BDO Unibank, the Philippines’ largest bank, has raised $150 million from issuing its first green bond – with the International Finance Corporation as the sole investor.
“The funds will be used exclusively to finance climate-smart projects including renewable energy, green buildings and energy-efficient equipment,” said the IFC in a statement.
It is expected to provide an alternative source of long-term green finance in the country and help the Philippines achieve its target of reducing carbon emissions by 70 percent by 2030. The financing will help cut 93,000 tonnes of CO2 emissions per year by 2022, the IFC noted.
The transaction marks the first green bond issued by a commercial bank in the Philippines, as well as the first green bond investment by the IFC in a financial institution in East Asia and the Pacific, according to a joint statement.
“Climate change is a very real concern in the Philippines. It is one of the most vulnerable countries globally to the impacts of such change,” said Nestor Tan, president and chief executive of BDO.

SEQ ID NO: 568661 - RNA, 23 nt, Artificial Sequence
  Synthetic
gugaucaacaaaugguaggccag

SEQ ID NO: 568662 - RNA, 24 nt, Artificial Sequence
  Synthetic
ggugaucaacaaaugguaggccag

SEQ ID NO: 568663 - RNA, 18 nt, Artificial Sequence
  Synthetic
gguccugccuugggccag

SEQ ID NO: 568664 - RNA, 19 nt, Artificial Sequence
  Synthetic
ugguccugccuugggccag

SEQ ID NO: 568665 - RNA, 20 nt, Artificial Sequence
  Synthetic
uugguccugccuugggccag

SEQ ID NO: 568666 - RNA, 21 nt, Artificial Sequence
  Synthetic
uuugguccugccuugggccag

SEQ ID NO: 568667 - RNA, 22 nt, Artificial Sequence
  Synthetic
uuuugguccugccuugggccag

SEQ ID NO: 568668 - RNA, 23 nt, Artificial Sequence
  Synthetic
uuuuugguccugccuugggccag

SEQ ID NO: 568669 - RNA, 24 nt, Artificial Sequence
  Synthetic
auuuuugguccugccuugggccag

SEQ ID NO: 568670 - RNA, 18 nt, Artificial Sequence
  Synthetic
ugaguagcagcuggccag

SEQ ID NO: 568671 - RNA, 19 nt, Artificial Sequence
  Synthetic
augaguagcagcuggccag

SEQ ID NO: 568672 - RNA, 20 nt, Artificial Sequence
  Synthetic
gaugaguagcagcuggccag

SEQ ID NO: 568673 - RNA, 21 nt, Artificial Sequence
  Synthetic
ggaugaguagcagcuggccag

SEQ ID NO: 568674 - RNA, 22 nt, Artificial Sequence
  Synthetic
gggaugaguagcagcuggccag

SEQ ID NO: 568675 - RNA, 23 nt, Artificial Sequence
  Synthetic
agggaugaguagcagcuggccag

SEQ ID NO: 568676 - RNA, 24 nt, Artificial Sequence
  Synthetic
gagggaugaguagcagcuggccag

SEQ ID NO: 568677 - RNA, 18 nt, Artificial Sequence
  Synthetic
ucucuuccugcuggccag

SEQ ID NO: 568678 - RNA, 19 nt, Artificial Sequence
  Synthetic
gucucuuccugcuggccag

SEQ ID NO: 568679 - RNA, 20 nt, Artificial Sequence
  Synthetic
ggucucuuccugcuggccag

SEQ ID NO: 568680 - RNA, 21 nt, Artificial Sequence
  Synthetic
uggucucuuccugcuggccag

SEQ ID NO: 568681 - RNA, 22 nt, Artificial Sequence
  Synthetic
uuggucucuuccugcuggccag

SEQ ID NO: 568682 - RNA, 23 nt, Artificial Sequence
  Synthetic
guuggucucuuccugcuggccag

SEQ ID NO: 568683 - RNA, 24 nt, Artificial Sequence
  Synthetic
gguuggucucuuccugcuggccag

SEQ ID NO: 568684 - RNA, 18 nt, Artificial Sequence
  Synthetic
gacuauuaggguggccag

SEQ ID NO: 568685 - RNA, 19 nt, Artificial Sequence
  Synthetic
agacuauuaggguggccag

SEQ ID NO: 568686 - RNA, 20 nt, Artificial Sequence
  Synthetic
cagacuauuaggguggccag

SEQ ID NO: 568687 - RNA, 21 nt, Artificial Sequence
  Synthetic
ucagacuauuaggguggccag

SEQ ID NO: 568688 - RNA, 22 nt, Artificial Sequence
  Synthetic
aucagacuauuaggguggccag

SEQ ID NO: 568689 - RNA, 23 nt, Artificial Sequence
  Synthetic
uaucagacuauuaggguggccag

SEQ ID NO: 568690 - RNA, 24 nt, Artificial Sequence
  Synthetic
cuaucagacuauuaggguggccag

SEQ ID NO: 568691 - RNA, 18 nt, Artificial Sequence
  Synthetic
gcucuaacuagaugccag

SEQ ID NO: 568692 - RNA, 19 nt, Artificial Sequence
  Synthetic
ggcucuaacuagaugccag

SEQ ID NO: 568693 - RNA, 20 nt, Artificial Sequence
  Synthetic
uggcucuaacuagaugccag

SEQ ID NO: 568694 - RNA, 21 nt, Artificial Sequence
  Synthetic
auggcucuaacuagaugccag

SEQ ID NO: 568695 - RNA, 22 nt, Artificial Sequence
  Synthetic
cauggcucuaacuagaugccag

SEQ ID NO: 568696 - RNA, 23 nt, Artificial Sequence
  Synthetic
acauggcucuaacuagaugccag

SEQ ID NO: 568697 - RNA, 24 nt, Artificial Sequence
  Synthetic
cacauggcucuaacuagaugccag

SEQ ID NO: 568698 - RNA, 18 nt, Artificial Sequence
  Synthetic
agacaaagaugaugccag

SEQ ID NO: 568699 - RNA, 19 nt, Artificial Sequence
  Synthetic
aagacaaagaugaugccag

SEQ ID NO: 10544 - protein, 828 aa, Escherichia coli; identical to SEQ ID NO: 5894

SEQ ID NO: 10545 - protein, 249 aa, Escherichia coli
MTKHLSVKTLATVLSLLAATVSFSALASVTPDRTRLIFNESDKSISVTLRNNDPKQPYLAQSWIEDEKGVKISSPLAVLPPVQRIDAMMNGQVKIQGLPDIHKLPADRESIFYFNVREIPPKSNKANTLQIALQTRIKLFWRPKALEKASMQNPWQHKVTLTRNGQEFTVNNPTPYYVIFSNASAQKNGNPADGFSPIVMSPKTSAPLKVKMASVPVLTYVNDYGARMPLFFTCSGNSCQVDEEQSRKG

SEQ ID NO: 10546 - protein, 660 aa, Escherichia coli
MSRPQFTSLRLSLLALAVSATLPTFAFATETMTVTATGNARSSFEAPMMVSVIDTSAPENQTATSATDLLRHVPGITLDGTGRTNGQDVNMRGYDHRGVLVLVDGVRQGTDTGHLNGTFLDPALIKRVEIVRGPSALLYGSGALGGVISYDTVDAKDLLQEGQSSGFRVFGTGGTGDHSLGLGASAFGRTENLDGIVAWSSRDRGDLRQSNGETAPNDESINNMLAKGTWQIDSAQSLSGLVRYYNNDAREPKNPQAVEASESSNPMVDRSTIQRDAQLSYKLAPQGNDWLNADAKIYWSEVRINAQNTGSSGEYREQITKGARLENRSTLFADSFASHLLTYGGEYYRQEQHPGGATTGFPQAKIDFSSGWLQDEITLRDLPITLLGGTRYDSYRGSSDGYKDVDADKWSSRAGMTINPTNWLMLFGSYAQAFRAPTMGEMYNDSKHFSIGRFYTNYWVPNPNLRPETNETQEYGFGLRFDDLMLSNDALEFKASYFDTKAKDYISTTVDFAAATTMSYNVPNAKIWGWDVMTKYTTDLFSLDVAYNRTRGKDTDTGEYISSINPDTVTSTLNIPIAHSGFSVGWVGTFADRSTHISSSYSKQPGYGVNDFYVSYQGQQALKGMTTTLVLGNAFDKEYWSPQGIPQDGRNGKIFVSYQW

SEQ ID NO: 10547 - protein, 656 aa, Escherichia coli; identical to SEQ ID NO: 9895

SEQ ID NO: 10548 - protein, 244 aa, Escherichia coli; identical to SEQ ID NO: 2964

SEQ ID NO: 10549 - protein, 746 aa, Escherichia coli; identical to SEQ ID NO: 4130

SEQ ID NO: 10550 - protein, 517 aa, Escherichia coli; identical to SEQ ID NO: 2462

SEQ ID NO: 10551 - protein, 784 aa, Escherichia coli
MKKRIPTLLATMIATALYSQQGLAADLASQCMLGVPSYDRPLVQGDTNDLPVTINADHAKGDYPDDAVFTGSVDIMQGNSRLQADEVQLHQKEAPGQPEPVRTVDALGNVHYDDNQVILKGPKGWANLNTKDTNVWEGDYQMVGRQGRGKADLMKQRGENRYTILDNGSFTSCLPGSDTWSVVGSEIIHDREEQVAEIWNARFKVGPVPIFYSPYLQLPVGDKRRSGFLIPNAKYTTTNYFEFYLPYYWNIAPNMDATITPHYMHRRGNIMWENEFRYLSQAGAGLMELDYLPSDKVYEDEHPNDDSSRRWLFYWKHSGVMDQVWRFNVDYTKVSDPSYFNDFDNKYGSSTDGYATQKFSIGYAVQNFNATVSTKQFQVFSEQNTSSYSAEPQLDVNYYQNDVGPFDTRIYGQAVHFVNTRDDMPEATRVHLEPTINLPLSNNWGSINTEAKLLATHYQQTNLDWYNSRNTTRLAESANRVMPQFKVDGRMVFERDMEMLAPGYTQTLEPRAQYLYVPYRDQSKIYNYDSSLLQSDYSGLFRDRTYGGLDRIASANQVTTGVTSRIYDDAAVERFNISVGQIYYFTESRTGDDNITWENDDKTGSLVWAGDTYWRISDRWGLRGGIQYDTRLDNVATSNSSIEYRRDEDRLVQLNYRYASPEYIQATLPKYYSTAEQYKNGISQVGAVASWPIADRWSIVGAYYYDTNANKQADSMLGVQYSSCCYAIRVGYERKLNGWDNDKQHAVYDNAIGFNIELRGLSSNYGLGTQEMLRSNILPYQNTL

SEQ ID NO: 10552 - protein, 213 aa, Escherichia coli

BDO has worked with the IFC since 2010 as an advisor on sustainable energy finance. It has developed its “climate-smart portfolio” to more than $500 million, making it one of the key players in climate financing in the Philippines.
“By building on our long-term partnership with BDO, we aim to create a vibrant green bond market in the country and stimulate private sector investment in renewable energy and energy efficiency,” said Vivek Pathak, IFC’s director for East Asia and the Pacific.
IFC has been one of the world’s largest financiers of green projects in developing countries. It has invested $18.3 billion in long-term financing from its own account in “climate-smart projects” since 2005 and mobilised another $11 billion with co-investors. In addition to its own issuance of green bonds, the multilateral seeks to develop the green bond asset class in emerging markets.